A: Yes. The paved roads are well maintained, well marked, and Alaskans are very friendly, however some are a bit quirky! Unpaved roads should not be traveled alone.
Q: What if the bike breaks down?
A: We provide roadside assistance within Alaska below the Arctic Circle. If we cannot repair your bike in a timely fashion, we will provide a replacement bike if one is available. If you wreck the bike we are not obligated to provide you a replacement.
Q: Can we take the bikes out of Alaska? Canada?
A: You can travel into Canada if you let us know in advance.
Q: What does the Collision Damage Insurance cover?
A: It covers damages to the motorcycle, including traffic accidents, dropping the bike, and rock damage. Rock damage is not considered a normal wear item.
Q: What happens if the bike is stolen?
A: You pay the $1000.00 insurance deductible.
This article was supported by the leading bad credit car leasing company, Compass Vehicle Services.
this data is currently not publicly accessible.
Confederate Motorcycles, Inc. was formed on April 2, 1991
with the goal to create handcrafted street motorcycles of unsurpassed structure and quality, utilizing American industrial and mechanical design in its purest and most organic form. Headquartered in Abita Springs, Louisiana, Confederate has become the premier manufacturer of high-end, high-performance, American motorcycles for the connoisseur who will have only the best and the fastest.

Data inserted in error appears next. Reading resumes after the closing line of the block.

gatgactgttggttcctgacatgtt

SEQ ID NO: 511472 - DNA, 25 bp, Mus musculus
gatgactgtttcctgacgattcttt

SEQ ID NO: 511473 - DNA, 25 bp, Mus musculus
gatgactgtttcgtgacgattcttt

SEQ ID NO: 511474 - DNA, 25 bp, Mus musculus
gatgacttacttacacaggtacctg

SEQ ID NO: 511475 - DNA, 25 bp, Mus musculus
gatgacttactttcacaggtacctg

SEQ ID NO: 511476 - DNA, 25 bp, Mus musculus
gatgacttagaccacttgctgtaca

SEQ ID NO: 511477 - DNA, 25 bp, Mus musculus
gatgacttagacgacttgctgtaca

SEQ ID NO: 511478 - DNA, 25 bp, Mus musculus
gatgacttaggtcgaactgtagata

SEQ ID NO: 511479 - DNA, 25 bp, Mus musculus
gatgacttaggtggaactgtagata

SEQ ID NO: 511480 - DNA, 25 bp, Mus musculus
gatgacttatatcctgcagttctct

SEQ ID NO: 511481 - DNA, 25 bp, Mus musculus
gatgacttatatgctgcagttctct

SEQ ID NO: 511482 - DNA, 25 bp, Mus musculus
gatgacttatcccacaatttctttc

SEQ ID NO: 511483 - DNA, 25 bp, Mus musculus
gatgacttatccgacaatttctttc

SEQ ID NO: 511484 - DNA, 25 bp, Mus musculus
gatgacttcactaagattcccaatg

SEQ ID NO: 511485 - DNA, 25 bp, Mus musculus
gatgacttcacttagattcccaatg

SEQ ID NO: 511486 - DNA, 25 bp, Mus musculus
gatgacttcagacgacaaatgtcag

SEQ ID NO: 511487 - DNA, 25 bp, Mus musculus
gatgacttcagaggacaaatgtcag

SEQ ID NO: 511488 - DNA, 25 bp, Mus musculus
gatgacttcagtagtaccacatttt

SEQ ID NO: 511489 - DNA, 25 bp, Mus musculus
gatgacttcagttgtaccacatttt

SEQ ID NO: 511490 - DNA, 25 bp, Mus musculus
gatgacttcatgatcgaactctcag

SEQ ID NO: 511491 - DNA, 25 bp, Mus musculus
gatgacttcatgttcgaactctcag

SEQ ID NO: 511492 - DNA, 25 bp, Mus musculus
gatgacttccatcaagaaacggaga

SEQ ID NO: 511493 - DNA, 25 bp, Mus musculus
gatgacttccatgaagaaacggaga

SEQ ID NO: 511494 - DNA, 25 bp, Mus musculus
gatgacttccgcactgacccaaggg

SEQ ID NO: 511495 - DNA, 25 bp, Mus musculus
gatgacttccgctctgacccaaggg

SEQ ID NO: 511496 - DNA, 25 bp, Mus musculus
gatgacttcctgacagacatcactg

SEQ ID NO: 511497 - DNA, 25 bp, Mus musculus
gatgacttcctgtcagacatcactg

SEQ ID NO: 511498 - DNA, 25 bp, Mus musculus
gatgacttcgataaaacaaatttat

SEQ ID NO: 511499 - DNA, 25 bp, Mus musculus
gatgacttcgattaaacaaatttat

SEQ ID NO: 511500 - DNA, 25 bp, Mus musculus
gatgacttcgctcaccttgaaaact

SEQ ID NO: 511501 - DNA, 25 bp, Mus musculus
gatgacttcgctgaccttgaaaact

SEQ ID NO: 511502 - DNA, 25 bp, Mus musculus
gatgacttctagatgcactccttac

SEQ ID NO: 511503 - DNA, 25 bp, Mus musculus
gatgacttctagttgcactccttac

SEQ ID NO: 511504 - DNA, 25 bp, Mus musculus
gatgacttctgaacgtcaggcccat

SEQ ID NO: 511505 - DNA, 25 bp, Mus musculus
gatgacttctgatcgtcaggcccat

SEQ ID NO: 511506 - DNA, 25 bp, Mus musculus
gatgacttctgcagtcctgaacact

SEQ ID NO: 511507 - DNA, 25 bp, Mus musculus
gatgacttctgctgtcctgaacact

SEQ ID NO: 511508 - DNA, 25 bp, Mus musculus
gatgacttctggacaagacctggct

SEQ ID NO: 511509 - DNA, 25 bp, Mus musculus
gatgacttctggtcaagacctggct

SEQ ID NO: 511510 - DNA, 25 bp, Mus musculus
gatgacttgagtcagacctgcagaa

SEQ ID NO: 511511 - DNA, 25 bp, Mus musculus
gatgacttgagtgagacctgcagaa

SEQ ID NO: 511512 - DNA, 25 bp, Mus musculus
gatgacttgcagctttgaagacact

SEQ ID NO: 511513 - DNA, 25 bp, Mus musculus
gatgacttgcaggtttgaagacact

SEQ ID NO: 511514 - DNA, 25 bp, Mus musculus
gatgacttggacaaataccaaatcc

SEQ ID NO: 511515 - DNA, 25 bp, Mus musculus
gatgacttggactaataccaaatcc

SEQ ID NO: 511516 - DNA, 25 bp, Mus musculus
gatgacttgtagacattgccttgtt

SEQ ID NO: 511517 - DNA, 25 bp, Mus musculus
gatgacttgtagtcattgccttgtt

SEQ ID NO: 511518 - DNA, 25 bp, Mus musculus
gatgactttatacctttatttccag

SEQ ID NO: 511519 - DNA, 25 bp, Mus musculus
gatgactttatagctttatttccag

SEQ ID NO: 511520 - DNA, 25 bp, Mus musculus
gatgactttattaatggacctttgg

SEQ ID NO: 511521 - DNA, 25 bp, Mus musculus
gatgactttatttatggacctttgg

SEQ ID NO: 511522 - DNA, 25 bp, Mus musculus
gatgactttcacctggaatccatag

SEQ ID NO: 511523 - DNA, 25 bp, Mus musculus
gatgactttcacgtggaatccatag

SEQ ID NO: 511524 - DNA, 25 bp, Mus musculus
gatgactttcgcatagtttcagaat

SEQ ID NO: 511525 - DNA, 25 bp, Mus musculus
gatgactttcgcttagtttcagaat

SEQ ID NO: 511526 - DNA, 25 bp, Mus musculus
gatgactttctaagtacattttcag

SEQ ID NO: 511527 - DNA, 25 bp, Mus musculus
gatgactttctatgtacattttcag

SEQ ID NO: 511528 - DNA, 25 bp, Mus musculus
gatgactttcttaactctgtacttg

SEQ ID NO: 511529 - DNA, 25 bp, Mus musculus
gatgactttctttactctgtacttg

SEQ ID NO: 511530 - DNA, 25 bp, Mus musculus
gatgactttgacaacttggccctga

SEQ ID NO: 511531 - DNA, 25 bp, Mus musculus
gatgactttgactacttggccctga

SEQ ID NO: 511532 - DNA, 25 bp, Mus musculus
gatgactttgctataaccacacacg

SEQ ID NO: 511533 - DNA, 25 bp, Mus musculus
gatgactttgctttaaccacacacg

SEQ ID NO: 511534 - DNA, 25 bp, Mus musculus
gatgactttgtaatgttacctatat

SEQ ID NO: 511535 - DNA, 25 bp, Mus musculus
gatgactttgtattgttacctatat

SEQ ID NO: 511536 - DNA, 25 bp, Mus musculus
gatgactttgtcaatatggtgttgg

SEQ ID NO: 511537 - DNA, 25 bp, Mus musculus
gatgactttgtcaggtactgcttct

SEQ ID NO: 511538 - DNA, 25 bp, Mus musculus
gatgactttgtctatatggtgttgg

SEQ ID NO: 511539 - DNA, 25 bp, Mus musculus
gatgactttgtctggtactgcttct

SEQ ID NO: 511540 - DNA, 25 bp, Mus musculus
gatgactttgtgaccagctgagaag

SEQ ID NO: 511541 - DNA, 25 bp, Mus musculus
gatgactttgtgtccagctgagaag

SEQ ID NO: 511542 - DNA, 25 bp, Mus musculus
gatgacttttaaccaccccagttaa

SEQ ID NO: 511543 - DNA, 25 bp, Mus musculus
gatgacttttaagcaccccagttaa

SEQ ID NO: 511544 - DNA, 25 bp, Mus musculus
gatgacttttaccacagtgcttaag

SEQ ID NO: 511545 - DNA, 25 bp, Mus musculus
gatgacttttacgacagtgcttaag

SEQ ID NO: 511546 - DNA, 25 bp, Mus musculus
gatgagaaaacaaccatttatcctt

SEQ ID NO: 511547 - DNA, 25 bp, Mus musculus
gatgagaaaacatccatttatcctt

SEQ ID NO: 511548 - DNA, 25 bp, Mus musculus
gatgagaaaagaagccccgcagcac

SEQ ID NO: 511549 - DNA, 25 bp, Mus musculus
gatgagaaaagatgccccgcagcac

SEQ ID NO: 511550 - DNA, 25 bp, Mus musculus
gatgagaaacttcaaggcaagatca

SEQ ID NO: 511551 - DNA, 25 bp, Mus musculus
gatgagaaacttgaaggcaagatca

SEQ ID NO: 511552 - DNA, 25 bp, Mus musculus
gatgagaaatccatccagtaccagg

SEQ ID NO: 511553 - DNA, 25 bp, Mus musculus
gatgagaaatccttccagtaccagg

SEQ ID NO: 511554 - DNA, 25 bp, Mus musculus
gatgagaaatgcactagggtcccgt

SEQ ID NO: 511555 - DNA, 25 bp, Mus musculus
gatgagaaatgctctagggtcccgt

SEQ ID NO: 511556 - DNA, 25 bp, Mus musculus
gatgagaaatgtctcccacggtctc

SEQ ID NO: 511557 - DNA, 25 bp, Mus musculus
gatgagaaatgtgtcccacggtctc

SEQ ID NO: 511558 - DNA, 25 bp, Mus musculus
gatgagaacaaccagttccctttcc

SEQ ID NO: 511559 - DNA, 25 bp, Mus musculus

The Formative Years
The first few years were invested in due diligence researching the top engineering and fabrication talent to assist our design team in creating the new line of Confederate machines. The company moved to the
San Francisco Bay area to refine the chassis and power train mounting system that would become the foundation for the new line of Confederate machines. From a clean sheet of paper, the new motorcycle was designed over an eighteen-month period.
Birth of a New Machine